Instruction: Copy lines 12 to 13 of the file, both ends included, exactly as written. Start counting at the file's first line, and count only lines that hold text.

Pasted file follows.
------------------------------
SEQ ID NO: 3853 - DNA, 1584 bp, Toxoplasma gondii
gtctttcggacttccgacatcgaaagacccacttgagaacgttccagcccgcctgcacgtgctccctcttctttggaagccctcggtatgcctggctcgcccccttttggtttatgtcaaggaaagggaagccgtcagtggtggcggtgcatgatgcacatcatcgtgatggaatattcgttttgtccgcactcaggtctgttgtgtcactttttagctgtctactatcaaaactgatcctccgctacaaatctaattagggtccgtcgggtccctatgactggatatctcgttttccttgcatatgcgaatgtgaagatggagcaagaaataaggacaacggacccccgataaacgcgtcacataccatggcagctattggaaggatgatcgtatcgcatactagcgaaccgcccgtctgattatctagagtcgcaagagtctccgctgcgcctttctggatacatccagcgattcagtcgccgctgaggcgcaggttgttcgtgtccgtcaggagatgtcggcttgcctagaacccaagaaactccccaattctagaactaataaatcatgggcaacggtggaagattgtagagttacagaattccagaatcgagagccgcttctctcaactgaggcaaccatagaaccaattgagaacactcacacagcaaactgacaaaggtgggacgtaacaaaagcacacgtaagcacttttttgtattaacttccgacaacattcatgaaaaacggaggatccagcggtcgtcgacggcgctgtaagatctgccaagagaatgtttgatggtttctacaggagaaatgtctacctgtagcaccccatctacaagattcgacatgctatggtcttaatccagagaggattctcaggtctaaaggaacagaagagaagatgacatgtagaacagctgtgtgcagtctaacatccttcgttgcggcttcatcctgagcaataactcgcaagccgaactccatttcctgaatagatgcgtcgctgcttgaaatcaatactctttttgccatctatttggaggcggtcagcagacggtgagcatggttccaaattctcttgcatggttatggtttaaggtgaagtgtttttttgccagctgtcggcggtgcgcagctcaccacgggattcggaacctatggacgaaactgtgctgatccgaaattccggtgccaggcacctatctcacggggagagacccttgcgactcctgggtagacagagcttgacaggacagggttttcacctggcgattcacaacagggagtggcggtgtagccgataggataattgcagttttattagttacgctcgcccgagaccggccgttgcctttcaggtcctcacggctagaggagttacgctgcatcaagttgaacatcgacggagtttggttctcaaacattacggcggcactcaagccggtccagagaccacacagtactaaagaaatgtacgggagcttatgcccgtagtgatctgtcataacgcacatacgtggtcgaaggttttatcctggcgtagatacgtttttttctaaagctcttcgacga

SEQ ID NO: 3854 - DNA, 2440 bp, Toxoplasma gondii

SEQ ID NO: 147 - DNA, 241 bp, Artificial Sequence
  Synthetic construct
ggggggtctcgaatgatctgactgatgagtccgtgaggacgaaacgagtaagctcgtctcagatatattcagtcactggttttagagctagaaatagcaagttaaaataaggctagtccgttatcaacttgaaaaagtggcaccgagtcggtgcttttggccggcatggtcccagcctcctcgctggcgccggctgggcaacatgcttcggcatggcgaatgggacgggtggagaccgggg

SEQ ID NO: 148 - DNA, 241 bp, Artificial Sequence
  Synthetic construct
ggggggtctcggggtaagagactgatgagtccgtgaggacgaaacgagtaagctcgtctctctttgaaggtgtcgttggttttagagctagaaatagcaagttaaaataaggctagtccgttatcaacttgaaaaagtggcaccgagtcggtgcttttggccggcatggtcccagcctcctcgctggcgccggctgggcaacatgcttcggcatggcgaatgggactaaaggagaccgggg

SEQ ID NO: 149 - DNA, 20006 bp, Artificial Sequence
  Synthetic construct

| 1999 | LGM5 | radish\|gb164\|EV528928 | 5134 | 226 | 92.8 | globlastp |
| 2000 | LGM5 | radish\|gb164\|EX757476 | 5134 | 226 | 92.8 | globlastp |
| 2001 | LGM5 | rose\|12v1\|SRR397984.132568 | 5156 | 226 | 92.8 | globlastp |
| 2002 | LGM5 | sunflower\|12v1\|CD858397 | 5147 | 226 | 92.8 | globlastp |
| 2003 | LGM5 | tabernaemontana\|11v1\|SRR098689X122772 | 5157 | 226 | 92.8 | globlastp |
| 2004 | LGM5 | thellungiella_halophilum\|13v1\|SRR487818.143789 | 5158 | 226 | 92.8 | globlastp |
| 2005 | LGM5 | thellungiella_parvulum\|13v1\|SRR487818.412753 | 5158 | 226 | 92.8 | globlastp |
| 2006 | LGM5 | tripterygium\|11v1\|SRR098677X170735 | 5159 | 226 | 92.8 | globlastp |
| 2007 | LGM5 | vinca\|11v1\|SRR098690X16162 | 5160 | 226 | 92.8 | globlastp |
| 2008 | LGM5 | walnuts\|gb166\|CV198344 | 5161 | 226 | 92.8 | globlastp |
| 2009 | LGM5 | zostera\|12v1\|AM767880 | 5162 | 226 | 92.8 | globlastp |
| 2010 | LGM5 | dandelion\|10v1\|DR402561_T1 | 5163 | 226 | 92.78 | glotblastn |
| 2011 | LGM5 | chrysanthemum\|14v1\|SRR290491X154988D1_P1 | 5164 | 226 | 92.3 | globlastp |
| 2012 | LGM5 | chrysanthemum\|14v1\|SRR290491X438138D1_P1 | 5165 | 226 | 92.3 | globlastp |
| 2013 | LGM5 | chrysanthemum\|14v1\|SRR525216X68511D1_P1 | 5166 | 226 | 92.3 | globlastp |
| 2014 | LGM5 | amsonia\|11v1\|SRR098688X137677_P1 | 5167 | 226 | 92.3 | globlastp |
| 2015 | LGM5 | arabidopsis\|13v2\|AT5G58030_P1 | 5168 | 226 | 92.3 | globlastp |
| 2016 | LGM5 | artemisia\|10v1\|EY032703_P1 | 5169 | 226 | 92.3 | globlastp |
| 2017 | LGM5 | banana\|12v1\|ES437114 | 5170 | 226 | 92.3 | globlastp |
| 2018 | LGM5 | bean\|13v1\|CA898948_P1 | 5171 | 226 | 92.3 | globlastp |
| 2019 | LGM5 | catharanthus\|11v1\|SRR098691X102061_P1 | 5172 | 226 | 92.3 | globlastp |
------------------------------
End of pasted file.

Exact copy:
| 1999 | LGM5 | radish\|gb164\|EV528928 | 5134 | 226 | 92.8 | globlastp |
| 2000 | LGM5 | radish\|gb164\|EX757476 | 5134 | 226 | 92.8 | globlastp |